Three years of adjuvant maintenance has been standard of care for high-risk GIST; however, about half the patients relapse after discontinuation of the tyrosine kinase inhibitor. ImadGIST was designed to determine whether continuing maintenance imatinib beyond 3 years would improve DFS in high-risk, KIT-positive GIST.

Investigators enrolled patients with fully resected GIST and 35% risk of relapse. All patients received imatinib for 3 years after surgery, and then were randomized to discontinuation of treatment or continuation for another 3 years. Patients in the control arm who recurred outside the randomized design could have imatinib reintroduced.

The primary objective was 3-year DFS. Secondary objectives included OS, safety and tolerance, time to secondary resistance to imatinib, and quality of objective response after reintroduction of imatinib in case of recurrence. The trial had statistical power to detect a hazard ratio of 0.462, representing an improvement in DFS of 75% with 3 years of imatinib to 90% with prolonged maintenance.

Data analysis included 136 patients, 71 randomized to 6 years of imatinib. About a third of patients in the control arm had an estimated recurrence risk of 35-70% versus 44% in the study arm, and 57% of the control arm versus 48% of the study arm had patients with an estimated recurrence risk >70%. About 84% of patients had KIT exon 11 mutations.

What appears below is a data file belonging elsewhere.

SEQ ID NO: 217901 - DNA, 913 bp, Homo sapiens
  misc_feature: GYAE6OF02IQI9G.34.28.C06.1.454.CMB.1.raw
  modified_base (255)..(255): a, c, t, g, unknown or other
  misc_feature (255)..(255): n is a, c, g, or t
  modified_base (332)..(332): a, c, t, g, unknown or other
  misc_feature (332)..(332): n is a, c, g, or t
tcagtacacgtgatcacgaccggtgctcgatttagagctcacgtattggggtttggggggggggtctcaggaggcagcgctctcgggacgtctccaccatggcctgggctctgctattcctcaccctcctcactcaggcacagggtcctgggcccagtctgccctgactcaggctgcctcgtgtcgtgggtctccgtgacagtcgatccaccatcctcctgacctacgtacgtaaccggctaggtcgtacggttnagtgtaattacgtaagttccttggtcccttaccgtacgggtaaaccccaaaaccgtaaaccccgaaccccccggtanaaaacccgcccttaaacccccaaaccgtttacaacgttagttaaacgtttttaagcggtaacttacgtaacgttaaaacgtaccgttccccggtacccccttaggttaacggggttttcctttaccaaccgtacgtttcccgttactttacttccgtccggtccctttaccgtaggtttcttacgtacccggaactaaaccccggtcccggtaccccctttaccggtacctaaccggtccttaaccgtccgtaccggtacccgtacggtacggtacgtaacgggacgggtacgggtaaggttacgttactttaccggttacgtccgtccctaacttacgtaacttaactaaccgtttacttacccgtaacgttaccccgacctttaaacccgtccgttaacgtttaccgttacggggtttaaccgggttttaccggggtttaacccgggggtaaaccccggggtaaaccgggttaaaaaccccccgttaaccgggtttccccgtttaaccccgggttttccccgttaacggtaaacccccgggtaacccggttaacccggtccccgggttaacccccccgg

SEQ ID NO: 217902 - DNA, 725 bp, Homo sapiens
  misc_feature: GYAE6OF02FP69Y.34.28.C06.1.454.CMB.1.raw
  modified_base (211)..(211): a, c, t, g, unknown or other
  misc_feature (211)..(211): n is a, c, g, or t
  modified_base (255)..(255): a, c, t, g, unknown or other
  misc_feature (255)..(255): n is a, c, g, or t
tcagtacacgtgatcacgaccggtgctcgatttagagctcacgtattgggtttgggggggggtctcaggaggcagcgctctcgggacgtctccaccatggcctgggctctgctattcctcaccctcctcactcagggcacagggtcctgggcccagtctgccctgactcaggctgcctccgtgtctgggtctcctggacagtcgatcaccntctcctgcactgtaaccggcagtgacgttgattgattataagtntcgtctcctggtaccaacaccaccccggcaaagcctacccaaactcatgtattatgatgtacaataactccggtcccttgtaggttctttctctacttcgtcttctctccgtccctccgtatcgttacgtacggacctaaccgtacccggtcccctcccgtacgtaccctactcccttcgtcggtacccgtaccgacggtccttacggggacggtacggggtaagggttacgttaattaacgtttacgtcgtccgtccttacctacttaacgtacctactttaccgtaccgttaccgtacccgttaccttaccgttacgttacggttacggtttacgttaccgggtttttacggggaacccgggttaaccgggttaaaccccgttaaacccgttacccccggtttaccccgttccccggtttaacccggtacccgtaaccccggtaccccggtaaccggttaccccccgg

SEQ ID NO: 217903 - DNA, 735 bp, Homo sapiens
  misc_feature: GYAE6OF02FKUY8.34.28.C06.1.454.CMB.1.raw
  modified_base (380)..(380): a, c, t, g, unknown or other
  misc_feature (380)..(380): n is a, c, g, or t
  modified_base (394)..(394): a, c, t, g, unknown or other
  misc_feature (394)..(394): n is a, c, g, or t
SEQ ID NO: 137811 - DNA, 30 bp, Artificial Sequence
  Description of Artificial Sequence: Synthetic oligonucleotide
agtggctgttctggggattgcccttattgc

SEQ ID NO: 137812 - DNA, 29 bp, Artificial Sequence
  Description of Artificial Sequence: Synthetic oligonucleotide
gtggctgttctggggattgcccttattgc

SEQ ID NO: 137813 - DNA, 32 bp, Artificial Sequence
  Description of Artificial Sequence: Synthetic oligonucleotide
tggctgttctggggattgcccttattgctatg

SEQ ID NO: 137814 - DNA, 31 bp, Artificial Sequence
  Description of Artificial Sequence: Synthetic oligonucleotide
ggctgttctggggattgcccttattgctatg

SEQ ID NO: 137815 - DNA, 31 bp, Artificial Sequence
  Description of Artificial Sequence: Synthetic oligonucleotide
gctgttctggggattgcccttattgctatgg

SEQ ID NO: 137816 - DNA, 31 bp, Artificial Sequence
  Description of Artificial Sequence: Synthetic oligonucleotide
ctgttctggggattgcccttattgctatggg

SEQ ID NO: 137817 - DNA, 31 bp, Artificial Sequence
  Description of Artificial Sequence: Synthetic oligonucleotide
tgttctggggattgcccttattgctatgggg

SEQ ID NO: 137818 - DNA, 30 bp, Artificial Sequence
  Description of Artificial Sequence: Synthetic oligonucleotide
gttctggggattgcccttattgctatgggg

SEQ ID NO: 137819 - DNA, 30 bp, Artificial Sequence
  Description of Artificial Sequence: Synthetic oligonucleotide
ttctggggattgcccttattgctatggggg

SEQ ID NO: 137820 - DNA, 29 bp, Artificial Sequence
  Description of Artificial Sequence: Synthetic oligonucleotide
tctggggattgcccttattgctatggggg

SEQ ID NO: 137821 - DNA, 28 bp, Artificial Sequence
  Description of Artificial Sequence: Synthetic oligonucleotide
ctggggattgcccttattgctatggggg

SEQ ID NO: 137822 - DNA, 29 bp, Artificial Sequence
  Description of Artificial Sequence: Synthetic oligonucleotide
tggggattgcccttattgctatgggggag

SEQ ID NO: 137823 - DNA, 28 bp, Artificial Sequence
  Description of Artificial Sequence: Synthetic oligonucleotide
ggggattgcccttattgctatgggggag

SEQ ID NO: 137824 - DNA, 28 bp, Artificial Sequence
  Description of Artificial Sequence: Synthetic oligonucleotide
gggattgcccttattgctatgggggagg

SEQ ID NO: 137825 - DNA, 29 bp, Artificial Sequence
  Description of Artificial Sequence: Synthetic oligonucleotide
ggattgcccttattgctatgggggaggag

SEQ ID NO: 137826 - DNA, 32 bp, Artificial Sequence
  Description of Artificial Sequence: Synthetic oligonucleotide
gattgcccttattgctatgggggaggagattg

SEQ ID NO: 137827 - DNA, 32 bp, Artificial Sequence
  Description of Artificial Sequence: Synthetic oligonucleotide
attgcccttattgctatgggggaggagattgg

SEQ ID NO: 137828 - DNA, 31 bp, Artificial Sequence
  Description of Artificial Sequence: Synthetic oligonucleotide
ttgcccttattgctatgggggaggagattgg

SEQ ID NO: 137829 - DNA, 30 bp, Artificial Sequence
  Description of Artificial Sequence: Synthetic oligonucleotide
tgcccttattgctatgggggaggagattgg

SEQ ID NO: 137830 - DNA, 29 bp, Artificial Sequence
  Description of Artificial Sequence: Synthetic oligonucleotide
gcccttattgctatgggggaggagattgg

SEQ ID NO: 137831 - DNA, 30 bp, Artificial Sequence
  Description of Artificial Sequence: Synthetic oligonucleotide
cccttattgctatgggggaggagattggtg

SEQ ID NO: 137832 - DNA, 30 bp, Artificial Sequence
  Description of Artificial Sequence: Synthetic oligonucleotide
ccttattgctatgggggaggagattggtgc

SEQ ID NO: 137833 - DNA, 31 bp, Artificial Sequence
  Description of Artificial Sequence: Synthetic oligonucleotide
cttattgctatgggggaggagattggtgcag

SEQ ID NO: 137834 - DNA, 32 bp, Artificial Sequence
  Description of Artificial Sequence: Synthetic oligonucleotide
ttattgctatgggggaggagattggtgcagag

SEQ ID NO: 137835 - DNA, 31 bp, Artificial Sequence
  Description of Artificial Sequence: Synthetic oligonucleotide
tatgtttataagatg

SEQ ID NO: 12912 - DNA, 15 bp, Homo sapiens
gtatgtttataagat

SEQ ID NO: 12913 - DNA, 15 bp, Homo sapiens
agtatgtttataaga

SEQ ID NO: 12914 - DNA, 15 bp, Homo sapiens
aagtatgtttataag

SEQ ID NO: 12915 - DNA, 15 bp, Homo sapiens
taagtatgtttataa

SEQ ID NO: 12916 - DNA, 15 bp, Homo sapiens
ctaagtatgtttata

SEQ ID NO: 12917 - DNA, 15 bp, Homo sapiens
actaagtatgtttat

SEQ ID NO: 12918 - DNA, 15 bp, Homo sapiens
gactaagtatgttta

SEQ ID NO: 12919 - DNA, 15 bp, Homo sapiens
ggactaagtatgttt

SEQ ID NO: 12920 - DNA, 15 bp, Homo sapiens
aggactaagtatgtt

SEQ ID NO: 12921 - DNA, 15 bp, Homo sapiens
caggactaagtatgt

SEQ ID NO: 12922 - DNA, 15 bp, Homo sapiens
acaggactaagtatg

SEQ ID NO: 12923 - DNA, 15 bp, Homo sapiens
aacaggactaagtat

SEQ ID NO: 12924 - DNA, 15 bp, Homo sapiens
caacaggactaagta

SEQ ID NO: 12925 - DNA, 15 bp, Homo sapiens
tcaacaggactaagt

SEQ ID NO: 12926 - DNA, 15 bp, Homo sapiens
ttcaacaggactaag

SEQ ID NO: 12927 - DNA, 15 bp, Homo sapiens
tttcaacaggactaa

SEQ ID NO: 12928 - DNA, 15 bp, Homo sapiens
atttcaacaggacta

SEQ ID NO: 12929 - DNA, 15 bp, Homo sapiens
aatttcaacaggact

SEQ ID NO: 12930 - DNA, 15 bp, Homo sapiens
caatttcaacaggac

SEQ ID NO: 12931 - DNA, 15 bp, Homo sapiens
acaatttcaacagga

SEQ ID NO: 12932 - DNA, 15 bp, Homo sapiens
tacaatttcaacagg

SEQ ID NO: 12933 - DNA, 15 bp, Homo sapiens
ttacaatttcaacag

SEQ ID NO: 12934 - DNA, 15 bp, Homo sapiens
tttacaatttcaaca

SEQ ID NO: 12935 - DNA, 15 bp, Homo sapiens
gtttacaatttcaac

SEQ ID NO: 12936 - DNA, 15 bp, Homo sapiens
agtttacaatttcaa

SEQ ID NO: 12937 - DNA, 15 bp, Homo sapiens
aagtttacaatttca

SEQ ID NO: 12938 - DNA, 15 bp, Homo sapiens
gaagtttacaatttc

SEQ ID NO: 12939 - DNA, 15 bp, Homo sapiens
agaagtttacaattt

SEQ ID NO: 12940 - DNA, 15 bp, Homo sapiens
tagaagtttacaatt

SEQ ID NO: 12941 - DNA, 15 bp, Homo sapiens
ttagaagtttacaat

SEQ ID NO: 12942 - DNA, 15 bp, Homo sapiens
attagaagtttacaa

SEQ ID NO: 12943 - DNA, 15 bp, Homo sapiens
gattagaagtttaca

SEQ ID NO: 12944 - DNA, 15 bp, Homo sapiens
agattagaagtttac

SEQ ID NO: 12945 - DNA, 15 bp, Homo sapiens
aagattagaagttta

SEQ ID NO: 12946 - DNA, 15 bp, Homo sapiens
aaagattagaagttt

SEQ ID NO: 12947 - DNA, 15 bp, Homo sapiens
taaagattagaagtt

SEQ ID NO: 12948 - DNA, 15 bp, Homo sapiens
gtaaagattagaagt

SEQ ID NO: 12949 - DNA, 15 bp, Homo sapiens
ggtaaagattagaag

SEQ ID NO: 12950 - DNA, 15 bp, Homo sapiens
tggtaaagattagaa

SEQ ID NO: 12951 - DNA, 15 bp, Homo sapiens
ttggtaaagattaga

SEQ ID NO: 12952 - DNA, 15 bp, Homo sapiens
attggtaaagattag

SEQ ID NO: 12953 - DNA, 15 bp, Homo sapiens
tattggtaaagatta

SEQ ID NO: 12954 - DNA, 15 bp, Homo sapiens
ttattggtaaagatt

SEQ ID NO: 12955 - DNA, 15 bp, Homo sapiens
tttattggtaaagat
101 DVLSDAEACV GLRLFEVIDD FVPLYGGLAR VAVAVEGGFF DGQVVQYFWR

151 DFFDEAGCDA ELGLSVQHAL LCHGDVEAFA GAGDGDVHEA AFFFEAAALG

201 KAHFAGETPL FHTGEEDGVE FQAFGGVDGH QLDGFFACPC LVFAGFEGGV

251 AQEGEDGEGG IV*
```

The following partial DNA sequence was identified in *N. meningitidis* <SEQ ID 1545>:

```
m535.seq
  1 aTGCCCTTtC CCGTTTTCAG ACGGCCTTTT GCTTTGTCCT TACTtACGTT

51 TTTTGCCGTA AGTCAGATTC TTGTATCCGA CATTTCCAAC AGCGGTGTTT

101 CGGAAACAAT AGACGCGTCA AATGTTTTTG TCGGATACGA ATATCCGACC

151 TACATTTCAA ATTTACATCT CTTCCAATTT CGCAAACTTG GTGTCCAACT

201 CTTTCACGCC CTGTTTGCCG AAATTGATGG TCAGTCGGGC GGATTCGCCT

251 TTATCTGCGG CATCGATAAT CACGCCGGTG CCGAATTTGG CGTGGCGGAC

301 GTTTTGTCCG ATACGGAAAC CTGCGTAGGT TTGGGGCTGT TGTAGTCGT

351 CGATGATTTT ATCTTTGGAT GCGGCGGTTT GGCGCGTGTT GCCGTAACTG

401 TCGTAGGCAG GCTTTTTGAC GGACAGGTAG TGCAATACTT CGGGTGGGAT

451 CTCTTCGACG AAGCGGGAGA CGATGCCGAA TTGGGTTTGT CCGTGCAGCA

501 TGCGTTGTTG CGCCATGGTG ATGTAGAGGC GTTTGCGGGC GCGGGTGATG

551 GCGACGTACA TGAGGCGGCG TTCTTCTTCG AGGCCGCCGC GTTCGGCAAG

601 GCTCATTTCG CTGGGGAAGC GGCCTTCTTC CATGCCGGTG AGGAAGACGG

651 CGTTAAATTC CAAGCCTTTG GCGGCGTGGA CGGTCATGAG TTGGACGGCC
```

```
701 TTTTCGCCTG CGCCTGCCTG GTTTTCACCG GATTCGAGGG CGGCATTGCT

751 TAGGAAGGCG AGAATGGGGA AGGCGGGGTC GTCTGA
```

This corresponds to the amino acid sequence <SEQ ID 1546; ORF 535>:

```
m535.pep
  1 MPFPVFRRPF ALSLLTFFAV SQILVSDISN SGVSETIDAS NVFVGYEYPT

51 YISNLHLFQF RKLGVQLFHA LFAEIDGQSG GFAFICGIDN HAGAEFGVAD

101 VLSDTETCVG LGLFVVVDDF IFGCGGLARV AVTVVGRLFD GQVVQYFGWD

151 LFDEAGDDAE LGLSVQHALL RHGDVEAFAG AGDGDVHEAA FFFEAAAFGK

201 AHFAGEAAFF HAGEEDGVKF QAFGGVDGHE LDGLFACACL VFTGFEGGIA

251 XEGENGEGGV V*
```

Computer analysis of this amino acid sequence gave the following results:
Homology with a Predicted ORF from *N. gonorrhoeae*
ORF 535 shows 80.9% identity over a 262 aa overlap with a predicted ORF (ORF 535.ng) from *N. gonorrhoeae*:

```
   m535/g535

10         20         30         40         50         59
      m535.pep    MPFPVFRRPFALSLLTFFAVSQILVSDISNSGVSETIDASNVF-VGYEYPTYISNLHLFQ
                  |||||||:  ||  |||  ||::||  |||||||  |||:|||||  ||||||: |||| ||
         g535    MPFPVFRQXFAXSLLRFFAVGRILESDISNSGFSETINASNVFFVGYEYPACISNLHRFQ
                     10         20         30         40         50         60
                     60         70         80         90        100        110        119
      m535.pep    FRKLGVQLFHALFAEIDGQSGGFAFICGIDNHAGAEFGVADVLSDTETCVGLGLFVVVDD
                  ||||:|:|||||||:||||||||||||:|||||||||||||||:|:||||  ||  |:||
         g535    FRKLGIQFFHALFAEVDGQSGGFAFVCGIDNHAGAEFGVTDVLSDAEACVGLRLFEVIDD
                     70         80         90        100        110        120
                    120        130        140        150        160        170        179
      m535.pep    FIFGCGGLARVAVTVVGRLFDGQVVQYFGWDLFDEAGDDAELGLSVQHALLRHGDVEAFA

The primary analysis showed that patients who received 6 years of imatinib had a DFS hazard of 0.40 (95% CI 0.20-0.67, P=0.008). Analysis of results by risk stratification showed that eight of 21 patients with estimated risk of 35-70% in the control group had recurrences versus one of 31 in the extended-therapy arm, which translated into a hazard ratio of 0.08 (P=0.0016). Among patients with estimated risk >70%, 20 of 37 in the control arm and 14 of 34 in the study arm had recurrences (HR 0.68, P=0.2581).

Among control patients who relapsed after imatinib interruption at 3 years, median progression-free survival was 40 months, similar to what has been reported for patients in first line, said Blay.

Extended imatinib maintenance was associated with substantially more adverse events (all grades), including muscle spasms (51% vs 22%), diarrhea (44% vs 23%), asthenia (30% vs 17%), abdominal pain (21% vs 11%), eyelid edema (20% vs 3%), and myalgia (16% vs 8%).

  • author['full_name']

    Charles Bankhead is senior editor for oncology and also covers urology, dermatology, and ophthalmology. He joined app in 2007.


The ImadGIST study was an academic, investigator-initiated clinical trial.

Blay disclosed relationships with PharmaMar, Bayer, Deciphera, Novartis, GlaxoSmithKline, AstraZeneca, Merck Sharp & Dohme, Bristol Myers Squibb, Roche, Innate Pharma, and Transgene.

Gelderblom disclosed relationships with the Center for Personalised Therapy, Deciphera, Tigermed, AmMax Bio, Boehringer Ingelheim, Cytovation, Blueprint, and Debiopharm.

Primary Source

European Society for Medical Oncology Virtual Plenary

Blay JY, et al "A randomized study of 3 vs 6 years of adjuvant imatinib in patients with localized GIST at high risk of relapse" ESMO Virtual Plenary, Abstract VP3-2024.